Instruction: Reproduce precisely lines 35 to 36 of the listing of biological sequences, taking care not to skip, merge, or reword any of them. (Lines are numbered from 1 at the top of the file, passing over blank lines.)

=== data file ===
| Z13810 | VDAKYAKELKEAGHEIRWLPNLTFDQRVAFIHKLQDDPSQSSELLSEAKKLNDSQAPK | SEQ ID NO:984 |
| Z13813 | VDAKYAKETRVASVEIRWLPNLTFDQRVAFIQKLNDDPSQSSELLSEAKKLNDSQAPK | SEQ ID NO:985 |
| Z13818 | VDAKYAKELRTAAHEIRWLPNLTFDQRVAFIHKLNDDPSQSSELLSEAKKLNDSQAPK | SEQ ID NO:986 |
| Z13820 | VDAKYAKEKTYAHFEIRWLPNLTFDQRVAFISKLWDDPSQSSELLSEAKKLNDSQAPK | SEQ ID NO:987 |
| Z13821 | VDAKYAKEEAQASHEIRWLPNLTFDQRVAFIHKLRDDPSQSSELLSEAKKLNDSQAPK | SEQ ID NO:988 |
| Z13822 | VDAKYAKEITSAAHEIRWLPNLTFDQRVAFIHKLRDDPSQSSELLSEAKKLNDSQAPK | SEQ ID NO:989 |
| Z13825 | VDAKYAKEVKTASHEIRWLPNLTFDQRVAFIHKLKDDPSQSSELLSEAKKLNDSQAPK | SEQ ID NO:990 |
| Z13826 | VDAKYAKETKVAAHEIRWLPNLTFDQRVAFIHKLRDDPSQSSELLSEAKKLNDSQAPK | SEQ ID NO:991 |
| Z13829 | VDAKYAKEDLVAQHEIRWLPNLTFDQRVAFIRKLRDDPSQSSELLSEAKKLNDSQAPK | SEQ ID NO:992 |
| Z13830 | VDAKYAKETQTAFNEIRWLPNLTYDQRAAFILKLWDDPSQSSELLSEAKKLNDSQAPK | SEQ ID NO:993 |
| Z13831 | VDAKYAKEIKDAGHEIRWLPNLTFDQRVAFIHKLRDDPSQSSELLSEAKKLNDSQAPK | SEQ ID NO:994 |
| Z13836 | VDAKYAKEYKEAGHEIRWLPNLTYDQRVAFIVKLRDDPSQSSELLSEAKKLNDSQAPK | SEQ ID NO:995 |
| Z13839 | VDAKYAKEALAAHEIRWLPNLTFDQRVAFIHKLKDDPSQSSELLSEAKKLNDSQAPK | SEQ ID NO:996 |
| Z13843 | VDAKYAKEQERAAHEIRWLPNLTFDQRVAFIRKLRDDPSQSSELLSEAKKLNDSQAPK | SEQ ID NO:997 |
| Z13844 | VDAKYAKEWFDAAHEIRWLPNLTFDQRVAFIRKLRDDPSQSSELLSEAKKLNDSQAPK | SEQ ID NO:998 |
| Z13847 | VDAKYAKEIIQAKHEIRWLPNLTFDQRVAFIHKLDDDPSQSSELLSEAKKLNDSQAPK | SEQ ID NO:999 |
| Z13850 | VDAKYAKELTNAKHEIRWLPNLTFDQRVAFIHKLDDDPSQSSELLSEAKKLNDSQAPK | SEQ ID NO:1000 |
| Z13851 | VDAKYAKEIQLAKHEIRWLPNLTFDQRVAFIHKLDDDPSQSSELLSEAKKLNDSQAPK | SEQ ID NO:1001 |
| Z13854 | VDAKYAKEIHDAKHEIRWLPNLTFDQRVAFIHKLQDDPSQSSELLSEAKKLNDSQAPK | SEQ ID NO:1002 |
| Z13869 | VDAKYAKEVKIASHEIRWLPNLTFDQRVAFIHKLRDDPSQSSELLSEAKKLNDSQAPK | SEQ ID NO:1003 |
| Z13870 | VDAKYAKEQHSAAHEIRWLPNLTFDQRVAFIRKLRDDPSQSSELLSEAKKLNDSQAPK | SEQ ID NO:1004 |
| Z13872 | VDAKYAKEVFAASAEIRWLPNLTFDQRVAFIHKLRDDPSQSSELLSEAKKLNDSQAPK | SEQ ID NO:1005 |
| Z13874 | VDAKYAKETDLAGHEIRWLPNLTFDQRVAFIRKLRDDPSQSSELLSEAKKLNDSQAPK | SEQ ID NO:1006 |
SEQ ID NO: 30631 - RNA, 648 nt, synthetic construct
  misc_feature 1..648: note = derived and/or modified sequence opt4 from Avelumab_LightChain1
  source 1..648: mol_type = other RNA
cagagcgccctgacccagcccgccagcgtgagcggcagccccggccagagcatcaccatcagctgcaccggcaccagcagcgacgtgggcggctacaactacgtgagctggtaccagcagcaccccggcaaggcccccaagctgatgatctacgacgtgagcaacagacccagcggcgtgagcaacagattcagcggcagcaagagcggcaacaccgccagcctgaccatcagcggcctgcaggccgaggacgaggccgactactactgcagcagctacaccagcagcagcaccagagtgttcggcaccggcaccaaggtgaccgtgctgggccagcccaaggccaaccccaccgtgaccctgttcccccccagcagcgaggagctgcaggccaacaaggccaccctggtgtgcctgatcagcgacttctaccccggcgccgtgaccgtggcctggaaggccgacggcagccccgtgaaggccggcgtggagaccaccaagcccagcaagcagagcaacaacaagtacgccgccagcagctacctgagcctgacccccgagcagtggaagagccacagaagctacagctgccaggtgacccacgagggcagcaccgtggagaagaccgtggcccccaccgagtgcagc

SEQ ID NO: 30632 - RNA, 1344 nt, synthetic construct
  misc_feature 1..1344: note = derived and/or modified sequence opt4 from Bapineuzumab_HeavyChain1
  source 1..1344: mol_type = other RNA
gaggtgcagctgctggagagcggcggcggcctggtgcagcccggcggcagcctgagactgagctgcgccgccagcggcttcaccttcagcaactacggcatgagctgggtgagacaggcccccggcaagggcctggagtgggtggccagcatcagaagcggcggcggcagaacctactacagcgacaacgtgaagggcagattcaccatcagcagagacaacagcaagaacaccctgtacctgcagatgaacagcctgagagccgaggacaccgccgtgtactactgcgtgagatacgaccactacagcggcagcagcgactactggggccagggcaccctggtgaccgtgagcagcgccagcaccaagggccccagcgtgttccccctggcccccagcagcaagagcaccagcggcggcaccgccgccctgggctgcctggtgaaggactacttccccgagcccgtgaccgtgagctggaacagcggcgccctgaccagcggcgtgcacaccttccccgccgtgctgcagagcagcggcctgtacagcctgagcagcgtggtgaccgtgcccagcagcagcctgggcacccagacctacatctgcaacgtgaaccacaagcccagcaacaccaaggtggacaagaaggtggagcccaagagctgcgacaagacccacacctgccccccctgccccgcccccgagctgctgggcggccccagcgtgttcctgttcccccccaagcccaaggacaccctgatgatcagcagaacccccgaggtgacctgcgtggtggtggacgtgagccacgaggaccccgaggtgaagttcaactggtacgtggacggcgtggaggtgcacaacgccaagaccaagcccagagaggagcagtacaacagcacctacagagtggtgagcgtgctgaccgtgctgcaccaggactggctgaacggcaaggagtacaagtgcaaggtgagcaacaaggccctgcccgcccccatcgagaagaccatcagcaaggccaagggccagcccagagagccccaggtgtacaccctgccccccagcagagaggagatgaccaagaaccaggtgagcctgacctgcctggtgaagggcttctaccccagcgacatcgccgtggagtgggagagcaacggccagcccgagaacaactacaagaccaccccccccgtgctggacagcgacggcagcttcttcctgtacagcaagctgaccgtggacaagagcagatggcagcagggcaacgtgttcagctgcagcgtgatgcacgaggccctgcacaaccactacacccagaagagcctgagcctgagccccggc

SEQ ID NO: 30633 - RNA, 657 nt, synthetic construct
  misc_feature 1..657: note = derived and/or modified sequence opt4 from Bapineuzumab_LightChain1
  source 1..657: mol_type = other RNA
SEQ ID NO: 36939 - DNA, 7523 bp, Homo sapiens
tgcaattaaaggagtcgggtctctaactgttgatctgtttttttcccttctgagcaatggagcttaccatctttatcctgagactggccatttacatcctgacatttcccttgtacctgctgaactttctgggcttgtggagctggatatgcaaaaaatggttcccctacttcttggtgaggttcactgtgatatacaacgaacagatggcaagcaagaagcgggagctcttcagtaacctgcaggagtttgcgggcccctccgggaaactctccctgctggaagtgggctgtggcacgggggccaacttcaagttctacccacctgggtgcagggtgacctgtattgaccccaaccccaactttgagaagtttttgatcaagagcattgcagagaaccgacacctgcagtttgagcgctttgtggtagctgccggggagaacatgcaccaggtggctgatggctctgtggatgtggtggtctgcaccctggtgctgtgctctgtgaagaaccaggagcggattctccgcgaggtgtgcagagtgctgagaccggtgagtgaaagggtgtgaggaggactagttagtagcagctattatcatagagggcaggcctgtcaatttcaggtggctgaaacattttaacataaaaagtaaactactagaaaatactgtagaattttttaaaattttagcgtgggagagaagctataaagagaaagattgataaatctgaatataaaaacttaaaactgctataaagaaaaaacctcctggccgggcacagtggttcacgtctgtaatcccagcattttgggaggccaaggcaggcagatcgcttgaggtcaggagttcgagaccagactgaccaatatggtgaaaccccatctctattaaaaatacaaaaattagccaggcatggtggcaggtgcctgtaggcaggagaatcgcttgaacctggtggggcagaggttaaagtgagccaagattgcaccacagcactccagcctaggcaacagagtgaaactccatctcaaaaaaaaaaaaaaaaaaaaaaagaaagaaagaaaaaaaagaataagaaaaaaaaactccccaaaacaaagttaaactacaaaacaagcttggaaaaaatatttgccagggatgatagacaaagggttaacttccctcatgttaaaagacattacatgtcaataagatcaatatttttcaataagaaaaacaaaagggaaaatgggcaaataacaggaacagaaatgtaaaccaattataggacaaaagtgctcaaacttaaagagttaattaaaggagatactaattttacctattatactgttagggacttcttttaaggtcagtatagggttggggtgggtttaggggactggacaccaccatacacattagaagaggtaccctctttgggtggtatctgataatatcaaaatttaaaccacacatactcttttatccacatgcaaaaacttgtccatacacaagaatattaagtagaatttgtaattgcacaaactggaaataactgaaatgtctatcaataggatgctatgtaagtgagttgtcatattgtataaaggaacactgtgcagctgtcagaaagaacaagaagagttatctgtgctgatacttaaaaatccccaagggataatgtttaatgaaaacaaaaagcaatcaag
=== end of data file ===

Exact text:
SEQ ID NO: 36939 - DNA, 7523 bp, Homo sapiens
tgcaattaaaggagtcgggtctctaactgttgatctgtttttttcccttctgagcaatggagcttaccatctttatcctgagactggccatttacatcctgacatttcccttgtacctgctgaactttctgggcttgtggagctggatatgcaaaaaatggttcccctacttcttggtgaggttcactgtgatatacaacgaacagatggcaagcaagaagcgggagctcttcagtaacctgcaggagtttgcgggcccctccgggaaactctccctgctggaagtgggctgtggcacgggggccaacttcaagttctacccacctgggtgcagggtgacctgtattgaccccaaccccaactttgagaagtttttgatcaagagcattgcagagaaccgacacctgcagtttgagcgctttgtggtagctgccggggagaacatgcaccaggtggctgatggctctgtggatgtggtggtctgcaccctggtgctgtgctctgtgaagaaccaggagcggattctccgcgaggtgtgcagagtgctgagaccggtgagtgaaagggtgtgaggaggactagttagtagcagctattatcatagagggcaggcctgtcaatttcaggtggctgaaacattttaacataaaaagtaaactactagaaaatactgtagaattttttaaaattttagcgtgggagagaagctataaagagaaagattgataaatctgaatataaaaacttaaaactgctataaagaaaaaacctcctggccgggcacagtggttcacgtctgtaatcccagcattttgggaggccaaggcaggcagatcgcttgaggtcaggagttcgagaccagactgaccaatatggtgaaaccccatctctattaaaaatacaaaaattagccaggcatggtggcaggtgcctgtaggcaggagaatcgcttgaacctggtggggcagaggttaaagtgagccaagattgcaccacagcactccagcctaggcaacagagtgaaactccatctcaaaaaaaaaaaaaaaaaaaaaaagaaagaaagaaaaaaaagaataagaaaaaaaaactccccaaaacaaagttaaactacaaaacaagcttggaaaaaatatttgccagggatgatagacaaagggttaacttccctcatgttaaaagacattacatgtcaataagatcaatatttttcaataagaaaaacaaaagggaaaatgggcaaataacaggaacagaaatgtaaaccaattataggacaaaagtgctcaaacttaaagagttaattaaaggagatactaattttacctattatactgttagggacttcttttaaggtcagtatagggttggggtgggtttaggggactggacaccaccatacacattagaagaggtaccctctttgggtggtatctgataatatcaaaatttaaaccacacatactcttttatccacatgcaaaaacttgtccatacacaagaatattaagtagaatttgtaattgcacaaactggaaataactgaaatgtctatcaataggatgctatgtaagtgagttgtcatattgtataaaggaacactgtgcagctgtcagaaagaacaagaagagttatctgtgctgatacttaaaaatccccaagggataatgtttaatgaaaacaaaaagcaatcaag